BYU’s Casey Clinger, a junior from American Fork, finished third in the 10,000-meter run on Day 1 of the NCAA Outdoor Track and Field Championships in Austin, Texas, on Wednesday.
“I honestly thought he might win with three laps to go because he was covering every move so well. The two guys who beat him ... got the jump on him with 450 to go as Casey was in a bit of a box at the time.” — BYU coach Ed Eyestone
Heat and humidity played a role in a tactical race that was decided on a fast last lap. Stanford teammates Ky Robinson and Charles Hicks, both juniors, finished first and second, respectively, with times of 28:10.96 and 28:12.20.
Clinger was next, with a time of 28:13.63. Clinger’s teammate, Brandon Garnica, a senior from Springville, placed 16th in the 24-man field with a time of 29:38.56.
“(Clinger) competed very well,” said BYU coach Ed Eyestone. “On a warm, humid night he ran a smart, patient race, covering every move at the end and running 56 for his last lap.
“I honestly thought he might win with three laps to go because he was covering every move so well. The two guys who beat him ... got the jump on him with 450 to go as Casey was in a bit of a box at the time.”
It marks the sixth time a BYU runner has finished in the top three at outdoor nationals since 2010.
Other than the 10,000, opening night of these championships consisted of semifinals on the track and a handful of finals in the field events.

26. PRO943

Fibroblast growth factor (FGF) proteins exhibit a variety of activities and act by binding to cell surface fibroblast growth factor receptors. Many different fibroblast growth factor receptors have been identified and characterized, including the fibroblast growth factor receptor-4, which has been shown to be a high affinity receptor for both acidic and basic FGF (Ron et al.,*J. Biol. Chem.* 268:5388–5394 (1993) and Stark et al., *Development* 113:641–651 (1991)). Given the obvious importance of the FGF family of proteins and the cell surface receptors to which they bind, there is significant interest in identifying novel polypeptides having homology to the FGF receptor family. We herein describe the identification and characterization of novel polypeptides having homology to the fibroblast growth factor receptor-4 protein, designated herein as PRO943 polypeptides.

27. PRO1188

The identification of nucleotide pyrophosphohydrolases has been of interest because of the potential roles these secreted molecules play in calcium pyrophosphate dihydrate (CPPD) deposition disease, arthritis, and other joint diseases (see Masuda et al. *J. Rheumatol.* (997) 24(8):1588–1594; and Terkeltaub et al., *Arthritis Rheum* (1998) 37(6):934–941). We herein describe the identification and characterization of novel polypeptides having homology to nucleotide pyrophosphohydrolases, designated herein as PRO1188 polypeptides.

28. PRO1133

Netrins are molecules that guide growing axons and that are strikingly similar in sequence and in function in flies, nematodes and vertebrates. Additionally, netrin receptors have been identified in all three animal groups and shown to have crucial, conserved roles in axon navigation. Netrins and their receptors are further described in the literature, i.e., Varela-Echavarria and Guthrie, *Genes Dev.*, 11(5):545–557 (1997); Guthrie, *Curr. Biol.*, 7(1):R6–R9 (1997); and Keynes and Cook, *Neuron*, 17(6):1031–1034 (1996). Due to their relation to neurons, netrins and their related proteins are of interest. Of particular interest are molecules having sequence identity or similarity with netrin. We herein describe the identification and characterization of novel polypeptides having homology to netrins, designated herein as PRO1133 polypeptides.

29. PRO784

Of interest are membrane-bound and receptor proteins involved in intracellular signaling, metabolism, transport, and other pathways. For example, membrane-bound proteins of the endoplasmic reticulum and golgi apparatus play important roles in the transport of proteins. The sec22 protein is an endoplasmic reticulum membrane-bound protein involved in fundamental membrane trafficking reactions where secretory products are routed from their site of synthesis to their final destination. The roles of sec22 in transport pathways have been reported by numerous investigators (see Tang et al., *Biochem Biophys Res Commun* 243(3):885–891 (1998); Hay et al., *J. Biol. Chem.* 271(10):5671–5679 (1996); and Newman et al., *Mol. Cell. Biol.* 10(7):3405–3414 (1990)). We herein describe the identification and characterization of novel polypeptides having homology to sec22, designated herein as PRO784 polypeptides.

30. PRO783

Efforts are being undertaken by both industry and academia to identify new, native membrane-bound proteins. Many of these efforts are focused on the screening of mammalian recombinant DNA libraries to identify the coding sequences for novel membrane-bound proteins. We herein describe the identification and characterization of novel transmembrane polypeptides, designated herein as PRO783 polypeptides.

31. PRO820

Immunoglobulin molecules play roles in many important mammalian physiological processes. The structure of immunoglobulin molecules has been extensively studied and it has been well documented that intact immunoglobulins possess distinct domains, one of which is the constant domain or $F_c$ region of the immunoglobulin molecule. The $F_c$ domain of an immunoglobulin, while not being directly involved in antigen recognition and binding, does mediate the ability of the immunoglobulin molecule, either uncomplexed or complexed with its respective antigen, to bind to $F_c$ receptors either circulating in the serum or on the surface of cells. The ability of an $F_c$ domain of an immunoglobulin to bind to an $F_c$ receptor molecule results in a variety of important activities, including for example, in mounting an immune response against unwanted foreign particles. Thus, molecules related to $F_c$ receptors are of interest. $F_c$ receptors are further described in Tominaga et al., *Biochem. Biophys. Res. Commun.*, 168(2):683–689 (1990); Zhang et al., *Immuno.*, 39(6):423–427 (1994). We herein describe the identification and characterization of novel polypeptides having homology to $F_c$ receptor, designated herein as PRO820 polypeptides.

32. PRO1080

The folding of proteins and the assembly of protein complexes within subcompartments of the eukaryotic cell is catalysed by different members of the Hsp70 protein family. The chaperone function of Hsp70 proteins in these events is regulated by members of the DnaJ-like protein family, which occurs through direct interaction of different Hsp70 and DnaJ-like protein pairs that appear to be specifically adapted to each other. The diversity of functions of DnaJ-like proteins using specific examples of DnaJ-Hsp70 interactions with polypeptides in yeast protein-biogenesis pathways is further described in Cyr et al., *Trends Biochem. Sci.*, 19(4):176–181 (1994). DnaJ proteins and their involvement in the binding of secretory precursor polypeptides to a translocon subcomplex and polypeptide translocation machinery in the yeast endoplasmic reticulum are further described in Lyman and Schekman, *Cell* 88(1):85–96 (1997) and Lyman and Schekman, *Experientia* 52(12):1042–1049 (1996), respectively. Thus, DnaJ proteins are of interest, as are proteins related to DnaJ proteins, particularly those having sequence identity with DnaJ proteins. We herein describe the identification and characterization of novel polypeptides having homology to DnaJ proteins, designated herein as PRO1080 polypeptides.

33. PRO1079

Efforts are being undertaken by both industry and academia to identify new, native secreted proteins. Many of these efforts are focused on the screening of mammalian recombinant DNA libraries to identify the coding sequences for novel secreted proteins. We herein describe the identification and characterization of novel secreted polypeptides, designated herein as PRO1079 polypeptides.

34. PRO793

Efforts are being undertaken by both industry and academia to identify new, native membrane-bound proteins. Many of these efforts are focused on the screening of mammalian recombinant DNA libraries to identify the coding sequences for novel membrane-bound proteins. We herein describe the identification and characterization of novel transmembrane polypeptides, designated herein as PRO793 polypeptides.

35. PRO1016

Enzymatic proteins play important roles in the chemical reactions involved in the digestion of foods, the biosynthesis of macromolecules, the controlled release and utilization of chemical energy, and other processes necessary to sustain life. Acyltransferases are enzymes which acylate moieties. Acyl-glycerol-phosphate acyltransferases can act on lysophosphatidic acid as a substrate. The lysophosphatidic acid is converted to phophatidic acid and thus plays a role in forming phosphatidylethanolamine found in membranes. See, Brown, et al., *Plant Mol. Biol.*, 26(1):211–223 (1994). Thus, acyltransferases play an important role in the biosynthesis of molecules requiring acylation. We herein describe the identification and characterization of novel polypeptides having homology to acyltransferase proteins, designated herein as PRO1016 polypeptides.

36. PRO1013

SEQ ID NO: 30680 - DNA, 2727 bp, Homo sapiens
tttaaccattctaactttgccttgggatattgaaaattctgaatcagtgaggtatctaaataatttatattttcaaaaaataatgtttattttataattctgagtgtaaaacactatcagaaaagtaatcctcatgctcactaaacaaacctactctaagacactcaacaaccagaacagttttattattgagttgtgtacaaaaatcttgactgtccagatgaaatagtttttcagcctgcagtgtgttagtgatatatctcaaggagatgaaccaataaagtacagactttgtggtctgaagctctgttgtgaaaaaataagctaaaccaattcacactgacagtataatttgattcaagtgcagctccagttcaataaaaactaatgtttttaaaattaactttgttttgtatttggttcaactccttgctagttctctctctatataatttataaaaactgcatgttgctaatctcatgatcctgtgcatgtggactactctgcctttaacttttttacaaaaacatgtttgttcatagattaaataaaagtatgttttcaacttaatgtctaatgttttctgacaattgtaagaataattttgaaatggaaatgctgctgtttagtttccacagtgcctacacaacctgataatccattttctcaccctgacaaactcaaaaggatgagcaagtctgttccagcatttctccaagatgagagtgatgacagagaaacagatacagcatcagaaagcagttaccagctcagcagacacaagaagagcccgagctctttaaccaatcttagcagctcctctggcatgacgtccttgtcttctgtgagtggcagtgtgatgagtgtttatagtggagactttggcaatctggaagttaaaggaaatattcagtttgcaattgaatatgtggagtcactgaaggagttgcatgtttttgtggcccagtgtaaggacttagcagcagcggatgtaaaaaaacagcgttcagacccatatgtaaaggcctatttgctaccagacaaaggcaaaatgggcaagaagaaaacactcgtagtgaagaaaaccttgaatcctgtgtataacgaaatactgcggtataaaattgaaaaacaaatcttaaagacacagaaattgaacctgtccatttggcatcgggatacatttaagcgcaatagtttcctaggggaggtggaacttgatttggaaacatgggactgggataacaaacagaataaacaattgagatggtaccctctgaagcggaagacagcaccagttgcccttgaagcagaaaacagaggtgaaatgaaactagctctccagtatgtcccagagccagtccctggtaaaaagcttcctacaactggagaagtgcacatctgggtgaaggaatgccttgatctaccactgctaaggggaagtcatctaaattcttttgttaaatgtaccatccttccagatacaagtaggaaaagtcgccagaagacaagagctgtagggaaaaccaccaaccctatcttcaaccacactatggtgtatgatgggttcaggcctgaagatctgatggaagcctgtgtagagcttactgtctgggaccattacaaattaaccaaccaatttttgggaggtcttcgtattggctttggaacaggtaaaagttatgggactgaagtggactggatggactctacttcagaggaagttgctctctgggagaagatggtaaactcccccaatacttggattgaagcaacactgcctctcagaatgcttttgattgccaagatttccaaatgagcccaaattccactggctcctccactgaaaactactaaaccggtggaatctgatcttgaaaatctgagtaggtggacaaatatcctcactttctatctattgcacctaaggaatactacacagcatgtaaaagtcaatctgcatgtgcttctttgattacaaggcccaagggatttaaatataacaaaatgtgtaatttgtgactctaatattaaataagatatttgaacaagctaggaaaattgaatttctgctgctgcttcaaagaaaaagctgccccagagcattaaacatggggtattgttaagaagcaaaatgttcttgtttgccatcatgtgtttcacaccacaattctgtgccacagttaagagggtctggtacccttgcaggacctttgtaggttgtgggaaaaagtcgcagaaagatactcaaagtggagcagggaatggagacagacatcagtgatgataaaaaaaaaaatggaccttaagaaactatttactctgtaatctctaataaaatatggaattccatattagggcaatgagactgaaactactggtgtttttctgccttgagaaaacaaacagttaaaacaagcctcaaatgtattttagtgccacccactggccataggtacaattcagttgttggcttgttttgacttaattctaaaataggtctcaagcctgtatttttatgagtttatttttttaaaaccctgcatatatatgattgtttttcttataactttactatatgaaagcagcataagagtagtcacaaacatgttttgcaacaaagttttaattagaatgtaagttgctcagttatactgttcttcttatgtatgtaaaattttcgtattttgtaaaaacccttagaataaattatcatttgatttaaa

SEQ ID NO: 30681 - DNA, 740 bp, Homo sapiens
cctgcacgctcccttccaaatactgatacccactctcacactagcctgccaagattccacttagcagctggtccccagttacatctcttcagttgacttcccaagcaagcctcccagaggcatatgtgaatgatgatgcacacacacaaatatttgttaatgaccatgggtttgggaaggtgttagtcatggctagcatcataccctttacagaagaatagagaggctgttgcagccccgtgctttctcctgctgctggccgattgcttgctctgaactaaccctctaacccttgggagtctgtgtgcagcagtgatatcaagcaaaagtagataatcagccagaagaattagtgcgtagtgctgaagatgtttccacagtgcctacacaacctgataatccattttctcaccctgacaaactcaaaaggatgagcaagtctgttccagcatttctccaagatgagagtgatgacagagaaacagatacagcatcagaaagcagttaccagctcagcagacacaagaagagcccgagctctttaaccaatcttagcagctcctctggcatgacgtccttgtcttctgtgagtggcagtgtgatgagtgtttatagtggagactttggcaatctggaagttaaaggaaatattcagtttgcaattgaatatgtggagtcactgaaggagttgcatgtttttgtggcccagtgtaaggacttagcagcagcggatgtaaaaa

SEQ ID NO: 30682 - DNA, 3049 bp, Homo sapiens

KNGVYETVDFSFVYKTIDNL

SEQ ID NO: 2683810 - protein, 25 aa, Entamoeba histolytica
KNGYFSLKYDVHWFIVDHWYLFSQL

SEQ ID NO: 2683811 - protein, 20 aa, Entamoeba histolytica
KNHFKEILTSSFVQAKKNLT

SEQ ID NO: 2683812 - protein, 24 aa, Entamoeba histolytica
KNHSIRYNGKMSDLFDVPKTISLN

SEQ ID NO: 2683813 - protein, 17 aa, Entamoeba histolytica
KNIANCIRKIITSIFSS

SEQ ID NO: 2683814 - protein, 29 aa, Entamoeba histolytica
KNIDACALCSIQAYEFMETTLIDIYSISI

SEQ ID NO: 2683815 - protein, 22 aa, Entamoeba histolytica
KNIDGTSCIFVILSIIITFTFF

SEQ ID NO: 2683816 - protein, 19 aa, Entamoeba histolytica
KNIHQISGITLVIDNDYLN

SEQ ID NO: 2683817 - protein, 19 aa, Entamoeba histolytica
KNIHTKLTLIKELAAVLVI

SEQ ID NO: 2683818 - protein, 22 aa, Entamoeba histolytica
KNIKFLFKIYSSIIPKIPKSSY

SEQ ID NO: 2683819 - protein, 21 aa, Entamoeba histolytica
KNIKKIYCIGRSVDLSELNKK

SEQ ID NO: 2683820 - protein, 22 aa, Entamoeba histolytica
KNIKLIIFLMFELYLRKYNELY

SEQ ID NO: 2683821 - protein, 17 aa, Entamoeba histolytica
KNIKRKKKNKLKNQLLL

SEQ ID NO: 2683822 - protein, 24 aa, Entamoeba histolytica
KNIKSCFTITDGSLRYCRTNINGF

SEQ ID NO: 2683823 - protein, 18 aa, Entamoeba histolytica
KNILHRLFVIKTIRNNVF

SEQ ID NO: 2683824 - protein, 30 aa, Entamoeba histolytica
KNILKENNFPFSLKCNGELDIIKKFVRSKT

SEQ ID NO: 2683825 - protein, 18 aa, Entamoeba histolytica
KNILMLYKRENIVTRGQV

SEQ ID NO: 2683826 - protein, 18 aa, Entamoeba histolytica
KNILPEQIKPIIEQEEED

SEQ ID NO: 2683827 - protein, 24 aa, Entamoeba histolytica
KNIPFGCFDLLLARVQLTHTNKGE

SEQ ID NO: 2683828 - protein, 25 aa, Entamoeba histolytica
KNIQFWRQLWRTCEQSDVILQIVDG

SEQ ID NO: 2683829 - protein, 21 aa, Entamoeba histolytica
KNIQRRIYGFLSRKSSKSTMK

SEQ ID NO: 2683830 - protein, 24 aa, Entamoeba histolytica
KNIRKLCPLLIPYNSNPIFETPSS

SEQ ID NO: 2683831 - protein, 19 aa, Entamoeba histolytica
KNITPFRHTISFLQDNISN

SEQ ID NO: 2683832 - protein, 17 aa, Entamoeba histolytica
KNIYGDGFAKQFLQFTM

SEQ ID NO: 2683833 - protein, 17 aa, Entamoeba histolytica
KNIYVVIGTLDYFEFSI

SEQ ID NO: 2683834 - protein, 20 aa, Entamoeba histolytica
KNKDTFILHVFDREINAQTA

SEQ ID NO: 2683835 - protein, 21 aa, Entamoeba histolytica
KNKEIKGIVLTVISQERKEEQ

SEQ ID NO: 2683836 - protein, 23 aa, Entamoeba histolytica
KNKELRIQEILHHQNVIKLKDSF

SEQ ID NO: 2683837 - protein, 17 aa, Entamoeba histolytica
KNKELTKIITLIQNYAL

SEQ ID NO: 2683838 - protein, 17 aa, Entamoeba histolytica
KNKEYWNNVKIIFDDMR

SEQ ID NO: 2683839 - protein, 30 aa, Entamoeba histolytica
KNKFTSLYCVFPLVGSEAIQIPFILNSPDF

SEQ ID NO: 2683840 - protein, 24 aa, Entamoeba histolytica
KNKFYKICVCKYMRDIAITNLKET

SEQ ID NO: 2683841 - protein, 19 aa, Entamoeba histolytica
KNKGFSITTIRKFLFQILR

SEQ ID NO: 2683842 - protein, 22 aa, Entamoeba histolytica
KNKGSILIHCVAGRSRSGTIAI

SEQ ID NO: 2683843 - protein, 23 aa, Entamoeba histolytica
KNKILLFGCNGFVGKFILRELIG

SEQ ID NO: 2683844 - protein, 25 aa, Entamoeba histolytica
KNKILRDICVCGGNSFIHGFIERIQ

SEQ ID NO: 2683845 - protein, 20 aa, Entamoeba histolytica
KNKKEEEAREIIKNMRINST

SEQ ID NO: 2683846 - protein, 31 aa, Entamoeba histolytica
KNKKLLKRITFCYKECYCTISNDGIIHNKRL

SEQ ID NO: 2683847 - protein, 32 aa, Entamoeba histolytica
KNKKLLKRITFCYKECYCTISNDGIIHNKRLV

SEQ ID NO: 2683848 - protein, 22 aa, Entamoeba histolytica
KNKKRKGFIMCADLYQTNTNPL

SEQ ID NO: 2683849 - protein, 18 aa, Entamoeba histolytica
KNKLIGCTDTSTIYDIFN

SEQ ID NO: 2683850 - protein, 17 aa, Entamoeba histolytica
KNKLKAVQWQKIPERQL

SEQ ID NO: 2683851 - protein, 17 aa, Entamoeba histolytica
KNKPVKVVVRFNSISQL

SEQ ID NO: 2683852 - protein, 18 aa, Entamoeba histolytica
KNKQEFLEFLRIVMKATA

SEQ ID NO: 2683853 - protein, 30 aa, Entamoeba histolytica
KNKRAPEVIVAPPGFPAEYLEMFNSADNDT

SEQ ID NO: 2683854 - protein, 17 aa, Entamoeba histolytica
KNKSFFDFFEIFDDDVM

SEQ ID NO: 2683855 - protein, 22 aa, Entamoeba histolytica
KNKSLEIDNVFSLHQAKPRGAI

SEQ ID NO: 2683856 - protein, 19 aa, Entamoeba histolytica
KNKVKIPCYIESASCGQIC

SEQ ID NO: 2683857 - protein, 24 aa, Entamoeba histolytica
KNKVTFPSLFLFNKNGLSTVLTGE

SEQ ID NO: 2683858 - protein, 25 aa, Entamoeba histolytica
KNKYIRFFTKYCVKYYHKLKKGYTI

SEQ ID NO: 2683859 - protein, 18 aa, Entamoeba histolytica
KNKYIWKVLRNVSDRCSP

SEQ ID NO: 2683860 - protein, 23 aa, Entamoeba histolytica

BYU’s Cameron Bates placed eighth in the javelin with a throw of 245-feet, 1 inch. LSU’s Tzuriel Pedigo produced the winning throw of 261-9.
BYU’s Caleb Witsken tied for sixth in the pole vault by scaling 18 feet, 4 1⁄2 inches, while Cedar English of Southern Utah University placed 22nd in the long jump with a mark of 24-1 3/4.
As expected, BYU’s Kenneth Rooks advanced easily to Friday’s steeplechase final, finishing third in the second heat with a time of 8:35.79. The top five advance to the final automatically.
Eastern Kentucky’s Abdelhakim Abouzouhir won the heat in 8:35.41.
Rooks’ top two rivals figured to be Montana’s Duncan Hamilton and Georgetown’s Parker Stokes, who finished second and third, respectively, with the same time in last year’s NCAA final.
Hamilton won the first heat in 8:38.07, while Stokes finished 14th overall and failed to advance to the final.
That sets the stage for a show down between Hamilton and Rooks in the final. They have the first- and second-fastest times in the world, respectively.
Weber State’s Bronson Winter was 12th in the second heat and failed to advance.
It’s a measure of the remarkable talent level of collegiate track that BYU’s 4 x 400 relay team ran a blistering time of 3:02.92 in the semifinals and placed no better than 17th overall.
Only the top nine teams advance to Friday’s final. The ninth-fastest time was 3:01.51 — just a shade over 45 seconds per runner.
Florida had the fastest time, 2:58.62.
BYU’s team of Eli Hazlett, Jace Jensen, Trey Jackson and Josh Taylor broke a school record of 3:03.19 set earlier this season while finishing second in the Texas Relays.
Ben Barton, a BYU sophomore, was in sixth place after the first day of the two-day decathlon, with 4,196 points.
Georgia’s Kyle Garland was the first-day leader, with 4,570 points. Peyton Bair, a Mississippi State freshman from Idaho, was fourth, with 4,212 points.
Barton had marks of 10.74 in the 100, 23-feet-0 3⁄4 inches in the long jump 43-3 1⁄4 in the shot put, 6-foot-7 in the high jump and a superb 46.88 in the 400.
The women take the stage on Thursday, repeating the schedule the men followed Wednesday.
The men’s competition will conclude Friday, followed by the women on Saturday.